Title of the work
Country of the First Edition
Country/countries of popularity
First Edition Date
First Edition Details
Shoo Rayner, Olympia: Run like the Wind. London: Orchard Books, 2011, 64 pp.
We are still trying to obtain permission for posting the original cover.
Author of the Entry:
Elizabeth Hale, University of New England, email@example.com
Peer-reviewer of the Entry:
Daniel Nkemleke, University of Yaoundé 1, firstname.lastname@example.org
Lisa Maurice, Bar-Ilan University, email@example.com
, b. 1956
Shoo (Hugh) Rayner is an author, illustrator, and teacher of drawing. He was born in Kingston-upon-Thames, the child of a member of the British Army who moved around the world. He spent his childhood in Germany, Pakistan, Yemen, and the United Kingdom. He is a graduate of Anglia Ruskin University (formerly Cambridge College of Art and Technology). He lives in Gloucestershire, near the Forest of Dean.He has illustrated over 250 books, and has two successful Youtube sites teaching drawing (Shoo Rayner Drawing, and Draw Stuff Real Easy).
Rayner creates picture books and middle-grade fiction for children. He admits that after failing his English O level he developed a visual approach to writing and telling stories. He refers to himself as a “storyteller illustrator” (see here, accessed: December 4, 2019). His published output is prolific: he has published a large number of series of Early Readers for children, including the Lydia series, the Victor series, the Little Horrors series, the Ginger Ninja series, the Monster Boy series, and the Olympia series.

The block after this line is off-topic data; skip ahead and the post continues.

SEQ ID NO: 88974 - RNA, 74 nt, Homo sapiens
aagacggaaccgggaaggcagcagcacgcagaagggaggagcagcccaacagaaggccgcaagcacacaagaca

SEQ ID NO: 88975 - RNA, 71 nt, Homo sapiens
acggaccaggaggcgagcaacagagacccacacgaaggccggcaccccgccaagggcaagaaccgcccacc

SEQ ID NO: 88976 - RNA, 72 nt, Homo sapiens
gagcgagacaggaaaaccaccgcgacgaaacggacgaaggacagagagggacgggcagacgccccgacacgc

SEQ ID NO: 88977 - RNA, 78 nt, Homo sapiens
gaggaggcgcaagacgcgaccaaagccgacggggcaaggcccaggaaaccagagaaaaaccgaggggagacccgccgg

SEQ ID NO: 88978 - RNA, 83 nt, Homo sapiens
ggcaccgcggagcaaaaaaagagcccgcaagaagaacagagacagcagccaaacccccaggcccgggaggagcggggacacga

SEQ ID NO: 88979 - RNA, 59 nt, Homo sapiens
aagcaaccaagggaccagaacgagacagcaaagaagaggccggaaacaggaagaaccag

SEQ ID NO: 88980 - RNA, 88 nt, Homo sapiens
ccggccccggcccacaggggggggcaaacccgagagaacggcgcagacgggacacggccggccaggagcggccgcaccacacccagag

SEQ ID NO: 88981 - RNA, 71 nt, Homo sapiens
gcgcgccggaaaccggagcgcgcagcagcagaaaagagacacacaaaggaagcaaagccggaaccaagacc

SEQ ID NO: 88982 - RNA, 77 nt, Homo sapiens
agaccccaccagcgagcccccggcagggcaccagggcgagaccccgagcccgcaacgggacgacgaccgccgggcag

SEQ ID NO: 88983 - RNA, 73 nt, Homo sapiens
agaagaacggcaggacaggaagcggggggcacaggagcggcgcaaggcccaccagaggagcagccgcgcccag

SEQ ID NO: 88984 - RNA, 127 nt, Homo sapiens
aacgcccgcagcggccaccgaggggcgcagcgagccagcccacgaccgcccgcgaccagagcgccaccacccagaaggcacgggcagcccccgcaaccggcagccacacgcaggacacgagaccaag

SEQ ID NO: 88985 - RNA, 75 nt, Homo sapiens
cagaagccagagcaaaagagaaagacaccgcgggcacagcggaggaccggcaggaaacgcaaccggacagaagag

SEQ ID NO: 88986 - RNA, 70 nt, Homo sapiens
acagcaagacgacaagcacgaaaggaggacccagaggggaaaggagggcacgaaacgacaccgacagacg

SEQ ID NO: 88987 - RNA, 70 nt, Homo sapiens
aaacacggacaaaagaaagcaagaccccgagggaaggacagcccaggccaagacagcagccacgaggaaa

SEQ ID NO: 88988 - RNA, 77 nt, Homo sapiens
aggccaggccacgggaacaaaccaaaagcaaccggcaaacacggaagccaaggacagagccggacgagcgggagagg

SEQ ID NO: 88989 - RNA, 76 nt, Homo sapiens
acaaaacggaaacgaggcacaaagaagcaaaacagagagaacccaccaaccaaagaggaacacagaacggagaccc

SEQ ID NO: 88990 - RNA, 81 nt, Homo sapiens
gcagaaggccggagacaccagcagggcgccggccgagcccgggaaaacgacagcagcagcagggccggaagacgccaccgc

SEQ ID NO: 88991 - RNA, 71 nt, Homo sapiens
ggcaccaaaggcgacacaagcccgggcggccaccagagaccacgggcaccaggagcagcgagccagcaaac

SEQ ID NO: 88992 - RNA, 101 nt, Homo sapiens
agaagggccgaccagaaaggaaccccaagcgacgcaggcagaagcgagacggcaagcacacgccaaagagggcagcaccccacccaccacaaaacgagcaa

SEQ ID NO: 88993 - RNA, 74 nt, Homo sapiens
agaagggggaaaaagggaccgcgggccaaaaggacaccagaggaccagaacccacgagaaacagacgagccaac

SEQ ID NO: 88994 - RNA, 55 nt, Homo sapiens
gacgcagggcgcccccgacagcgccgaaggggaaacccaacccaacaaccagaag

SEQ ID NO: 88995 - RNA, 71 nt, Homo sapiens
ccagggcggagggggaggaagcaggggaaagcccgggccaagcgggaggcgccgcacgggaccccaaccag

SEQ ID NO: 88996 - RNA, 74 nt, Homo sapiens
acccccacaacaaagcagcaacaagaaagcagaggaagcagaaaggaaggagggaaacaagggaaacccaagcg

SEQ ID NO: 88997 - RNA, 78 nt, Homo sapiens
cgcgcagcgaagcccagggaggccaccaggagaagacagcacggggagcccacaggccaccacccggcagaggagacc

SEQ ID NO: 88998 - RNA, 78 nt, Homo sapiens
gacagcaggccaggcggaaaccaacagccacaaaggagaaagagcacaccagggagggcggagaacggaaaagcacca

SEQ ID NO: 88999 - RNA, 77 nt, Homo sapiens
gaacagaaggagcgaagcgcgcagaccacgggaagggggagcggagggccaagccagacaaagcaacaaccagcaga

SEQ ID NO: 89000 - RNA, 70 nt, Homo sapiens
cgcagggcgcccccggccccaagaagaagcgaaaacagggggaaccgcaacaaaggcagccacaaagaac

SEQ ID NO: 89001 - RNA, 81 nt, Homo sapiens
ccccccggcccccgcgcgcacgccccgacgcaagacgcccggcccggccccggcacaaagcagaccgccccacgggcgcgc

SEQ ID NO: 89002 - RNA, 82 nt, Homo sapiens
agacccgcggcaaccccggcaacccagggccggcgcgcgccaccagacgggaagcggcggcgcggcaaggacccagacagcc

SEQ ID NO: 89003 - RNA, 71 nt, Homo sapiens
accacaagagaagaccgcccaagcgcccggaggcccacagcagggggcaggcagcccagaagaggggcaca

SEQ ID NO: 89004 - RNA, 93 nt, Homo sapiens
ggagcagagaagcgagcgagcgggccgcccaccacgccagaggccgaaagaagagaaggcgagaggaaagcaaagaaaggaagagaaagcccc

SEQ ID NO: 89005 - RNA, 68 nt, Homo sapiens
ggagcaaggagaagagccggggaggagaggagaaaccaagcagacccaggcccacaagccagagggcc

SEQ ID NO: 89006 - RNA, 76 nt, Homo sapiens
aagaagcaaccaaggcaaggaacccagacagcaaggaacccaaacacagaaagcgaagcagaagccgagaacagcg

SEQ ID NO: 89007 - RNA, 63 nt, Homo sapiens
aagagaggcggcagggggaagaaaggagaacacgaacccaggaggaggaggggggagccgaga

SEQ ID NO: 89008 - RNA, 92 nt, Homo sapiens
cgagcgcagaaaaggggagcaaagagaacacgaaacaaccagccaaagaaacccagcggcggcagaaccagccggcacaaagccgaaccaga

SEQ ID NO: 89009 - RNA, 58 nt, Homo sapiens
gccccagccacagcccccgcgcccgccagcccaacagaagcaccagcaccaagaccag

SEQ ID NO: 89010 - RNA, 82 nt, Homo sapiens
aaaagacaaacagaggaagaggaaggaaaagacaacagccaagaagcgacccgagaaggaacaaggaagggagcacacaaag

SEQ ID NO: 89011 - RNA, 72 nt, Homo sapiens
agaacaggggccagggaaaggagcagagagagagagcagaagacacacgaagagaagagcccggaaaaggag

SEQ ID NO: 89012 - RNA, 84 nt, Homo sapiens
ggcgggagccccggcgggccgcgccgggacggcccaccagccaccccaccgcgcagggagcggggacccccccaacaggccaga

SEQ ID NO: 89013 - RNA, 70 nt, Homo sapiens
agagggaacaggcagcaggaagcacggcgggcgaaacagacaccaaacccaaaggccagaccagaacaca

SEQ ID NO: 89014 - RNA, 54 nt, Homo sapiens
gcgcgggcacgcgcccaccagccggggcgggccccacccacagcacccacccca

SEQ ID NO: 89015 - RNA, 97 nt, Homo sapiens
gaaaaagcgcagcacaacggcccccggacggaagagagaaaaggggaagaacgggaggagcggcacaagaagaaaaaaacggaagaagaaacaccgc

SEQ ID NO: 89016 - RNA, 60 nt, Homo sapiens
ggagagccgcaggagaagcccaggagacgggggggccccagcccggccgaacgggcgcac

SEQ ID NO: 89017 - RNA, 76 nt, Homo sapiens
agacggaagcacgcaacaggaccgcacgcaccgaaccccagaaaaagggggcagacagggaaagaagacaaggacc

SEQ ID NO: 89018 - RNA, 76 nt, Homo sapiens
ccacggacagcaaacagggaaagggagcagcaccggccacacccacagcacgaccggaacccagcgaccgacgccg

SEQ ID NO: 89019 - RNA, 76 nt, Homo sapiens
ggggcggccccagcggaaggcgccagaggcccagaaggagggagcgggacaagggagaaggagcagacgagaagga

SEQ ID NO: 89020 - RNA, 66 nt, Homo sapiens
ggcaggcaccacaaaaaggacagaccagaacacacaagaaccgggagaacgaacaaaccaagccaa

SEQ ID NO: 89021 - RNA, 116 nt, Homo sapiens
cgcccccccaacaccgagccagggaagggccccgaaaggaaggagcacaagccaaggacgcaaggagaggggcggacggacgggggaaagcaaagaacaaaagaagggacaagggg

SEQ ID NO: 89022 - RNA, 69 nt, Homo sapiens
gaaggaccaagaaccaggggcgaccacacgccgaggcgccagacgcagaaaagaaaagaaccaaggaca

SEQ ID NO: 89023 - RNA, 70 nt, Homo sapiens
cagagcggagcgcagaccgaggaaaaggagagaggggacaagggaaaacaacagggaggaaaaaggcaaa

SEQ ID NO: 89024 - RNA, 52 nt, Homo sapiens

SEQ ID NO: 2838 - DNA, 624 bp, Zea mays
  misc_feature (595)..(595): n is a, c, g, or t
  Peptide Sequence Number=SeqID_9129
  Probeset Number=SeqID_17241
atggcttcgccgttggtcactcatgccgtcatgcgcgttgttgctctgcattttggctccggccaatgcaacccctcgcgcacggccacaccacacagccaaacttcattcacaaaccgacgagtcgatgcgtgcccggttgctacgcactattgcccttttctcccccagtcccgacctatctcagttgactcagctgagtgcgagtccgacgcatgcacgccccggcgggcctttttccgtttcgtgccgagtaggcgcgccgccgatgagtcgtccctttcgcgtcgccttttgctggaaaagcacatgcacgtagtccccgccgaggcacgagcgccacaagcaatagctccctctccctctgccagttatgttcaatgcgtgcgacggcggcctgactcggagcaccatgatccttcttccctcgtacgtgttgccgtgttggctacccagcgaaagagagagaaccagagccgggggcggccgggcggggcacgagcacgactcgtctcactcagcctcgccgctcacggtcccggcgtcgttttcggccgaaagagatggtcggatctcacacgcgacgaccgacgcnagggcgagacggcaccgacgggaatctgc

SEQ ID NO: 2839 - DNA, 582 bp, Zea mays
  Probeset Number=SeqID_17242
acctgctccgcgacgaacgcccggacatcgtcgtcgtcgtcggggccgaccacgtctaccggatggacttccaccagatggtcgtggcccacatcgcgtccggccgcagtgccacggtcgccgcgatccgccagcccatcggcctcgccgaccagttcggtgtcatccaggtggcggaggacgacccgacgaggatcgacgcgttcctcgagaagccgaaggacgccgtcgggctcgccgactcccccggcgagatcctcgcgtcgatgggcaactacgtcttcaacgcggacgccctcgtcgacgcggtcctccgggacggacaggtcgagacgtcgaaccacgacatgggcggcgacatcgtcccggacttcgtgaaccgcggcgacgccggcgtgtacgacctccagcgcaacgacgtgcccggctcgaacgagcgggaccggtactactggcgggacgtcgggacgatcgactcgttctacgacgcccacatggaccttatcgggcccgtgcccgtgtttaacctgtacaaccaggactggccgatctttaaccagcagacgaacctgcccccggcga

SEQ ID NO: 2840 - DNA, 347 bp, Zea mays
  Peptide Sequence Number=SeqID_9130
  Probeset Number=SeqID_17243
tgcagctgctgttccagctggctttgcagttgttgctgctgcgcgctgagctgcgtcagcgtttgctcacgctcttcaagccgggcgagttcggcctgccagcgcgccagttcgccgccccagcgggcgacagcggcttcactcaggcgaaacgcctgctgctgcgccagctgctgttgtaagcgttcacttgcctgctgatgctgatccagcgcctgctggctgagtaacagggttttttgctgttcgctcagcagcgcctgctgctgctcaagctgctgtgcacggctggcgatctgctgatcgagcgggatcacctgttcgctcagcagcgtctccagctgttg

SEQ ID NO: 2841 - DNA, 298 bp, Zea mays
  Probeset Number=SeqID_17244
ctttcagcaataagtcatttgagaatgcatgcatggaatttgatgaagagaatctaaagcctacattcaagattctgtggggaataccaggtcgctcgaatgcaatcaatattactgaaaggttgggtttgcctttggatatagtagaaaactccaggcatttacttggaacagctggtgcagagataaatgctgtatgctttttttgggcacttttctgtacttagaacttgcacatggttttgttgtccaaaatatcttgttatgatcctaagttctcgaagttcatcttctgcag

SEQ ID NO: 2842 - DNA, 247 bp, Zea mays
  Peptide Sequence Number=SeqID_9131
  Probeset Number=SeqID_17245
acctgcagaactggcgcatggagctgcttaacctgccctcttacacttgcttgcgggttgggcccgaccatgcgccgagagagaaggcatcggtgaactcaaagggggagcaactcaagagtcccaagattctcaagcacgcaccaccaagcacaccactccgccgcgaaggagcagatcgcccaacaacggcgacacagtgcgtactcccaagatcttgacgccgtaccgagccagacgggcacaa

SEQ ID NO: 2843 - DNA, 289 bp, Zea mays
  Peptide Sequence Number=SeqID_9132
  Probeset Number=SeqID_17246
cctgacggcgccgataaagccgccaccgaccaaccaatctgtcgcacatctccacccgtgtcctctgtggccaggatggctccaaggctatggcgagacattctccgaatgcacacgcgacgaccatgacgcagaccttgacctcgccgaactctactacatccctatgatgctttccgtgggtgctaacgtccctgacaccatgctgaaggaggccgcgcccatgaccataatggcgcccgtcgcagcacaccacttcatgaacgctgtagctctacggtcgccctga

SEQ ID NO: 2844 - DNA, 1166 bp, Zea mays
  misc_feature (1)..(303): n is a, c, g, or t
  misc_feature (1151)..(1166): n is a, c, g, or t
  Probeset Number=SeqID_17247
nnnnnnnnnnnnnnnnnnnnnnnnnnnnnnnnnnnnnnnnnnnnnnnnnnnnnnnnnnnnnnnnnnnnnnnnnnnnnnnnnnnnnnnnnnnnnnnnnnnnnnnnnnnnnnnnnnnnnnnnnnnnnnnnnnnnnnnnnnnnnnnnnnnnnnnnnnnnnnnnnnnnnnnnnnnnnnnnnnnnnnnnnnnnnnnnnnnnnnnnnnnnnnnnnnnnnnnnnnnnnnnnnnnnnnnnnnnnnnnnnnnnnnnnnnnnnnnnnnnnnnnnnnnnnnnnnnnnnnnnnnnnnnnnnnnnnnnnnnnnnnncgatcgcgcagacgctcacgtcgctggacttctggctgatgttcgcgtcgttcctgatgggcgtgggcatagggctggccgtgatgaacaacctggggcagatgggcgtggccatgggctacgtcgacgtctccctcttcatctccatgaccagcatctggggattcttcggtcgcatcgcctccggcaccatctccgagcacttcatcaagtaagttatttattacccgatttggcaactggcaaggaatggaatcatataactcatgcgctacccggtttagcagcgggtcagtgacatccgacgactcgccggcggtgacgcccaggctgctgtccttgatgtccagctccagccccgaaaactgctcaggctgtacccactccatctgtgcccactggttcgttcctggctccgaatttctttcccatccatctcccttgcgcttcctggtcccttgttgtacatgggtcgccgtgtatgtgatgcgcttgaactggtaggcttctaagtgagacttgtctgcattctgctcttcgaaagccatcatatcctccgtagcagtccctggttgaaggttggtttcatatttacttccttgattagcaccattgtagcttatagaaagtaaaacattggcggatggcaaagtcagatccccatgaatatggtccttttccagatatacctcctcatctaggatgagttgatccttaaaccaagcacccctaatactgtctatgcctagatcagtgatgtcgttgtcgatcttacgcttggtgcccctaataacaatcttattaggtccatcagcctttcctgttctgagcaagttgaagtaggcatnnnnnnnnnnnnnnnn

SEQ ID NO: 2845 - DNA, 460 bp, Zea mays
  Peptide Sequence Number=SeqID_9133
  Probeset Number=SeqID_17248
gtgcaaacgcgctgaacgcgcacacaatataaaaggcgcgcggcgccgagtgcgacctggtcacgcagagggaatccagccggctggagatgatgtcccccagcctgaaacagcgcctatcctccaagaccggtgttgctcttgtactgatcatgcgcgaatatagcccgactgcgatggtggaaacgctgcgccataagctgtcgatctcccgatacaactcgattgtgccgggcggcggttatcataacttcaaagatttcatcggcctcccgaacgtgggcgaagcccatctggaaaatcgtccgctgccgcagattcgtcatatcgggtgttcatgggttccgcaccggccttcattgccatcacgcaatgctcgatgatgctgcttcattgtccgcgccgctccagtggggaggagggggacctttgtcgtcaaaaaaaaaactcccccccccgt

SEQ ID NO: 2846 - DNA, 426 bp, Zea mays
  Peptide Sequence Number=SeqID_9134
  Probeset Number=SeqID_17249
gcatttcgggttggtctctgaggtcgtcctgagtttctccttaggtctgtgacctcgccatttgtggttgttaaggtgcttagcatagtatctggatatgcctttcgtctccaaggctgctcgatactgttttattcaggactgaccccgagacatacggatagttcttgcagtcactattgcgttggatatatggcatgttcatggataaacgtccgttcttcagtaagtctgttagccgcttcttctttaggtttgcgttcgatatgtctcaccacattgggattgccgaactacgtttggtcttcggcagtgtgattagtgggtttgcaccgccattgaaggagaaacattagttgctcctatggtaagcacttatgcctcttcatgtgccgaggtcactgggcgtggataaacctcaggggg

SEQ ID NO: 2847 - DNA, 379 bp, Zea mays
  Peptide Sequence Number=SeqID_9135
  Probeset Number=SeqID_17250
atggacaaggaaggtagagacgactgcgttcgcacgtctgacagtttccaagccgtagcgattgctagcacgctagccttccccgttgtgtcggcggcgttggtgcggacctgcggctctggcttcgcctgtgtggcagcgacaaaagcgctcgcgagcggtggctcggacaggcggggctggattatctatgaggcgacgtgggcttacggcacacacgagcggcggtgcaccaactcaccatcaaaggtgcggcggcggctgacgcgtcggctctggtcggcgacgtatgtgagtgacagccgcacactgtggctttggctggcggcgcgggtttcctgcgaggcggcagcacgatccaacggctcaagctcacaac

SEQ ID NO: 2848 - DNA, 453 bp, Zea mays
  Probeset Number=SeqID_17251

Rayner’s work in these series involves simple, easy-to-read stories, aimed at readers "at the most important stage of reading development where they can be put off, or enthused for life." (Something about the Author, 169)
Official website (accessed: December 4, 2019)
Official channel on You Tube (accessed: December 4, 2019)
DrawStuffRealEasy, channel on You Tube (accessed: December 4, 2019)
Profile at en.wikipedia.org (accessed: April 6, 2019)
'Hugh (Shoo) Rayner,’ Something About the Author, Ed. Lisa Kumar. Vol. 151. Detroit, MI: Gale, 2004, p. 168-171.
Bio prepared by Elizabeth Hale, University of New England, firstname.lastname@example.org and Ayelet Peer, Bar-Ilan University, email@example.com
Response to author’s questionnaire on Author’s Vimeo channel (accessed: April 4, 2019).
Throw for Gold is the fourth in author-illustrator Shoo Rayner’s Olympia series of chapter books, which show what life was like for ordinary children in Ancient Greece. It features Olly, whose father runs the gymnasium where the great athletes train, and who dreams of being an Olympic champion, if only he can beat his arch-enemy, Spiro.
The story opens with Olly and Spiro learning to throw the discus. Spiro is stronger than Olly, and hurls his discus further. His dog pounces on the discus when it lands, and pretends to kill it. The boys are being instructed by Eury, a handsome discus-thrower, who tells Olly that he called on the wind Euros to help him throw his first discus (and later took the god’s name). Olly imagines that he is being supported by a warm, balmy breeze, and throws his discus more successfully this time. Eury tells him that he was supported by the breeze named Zephyr.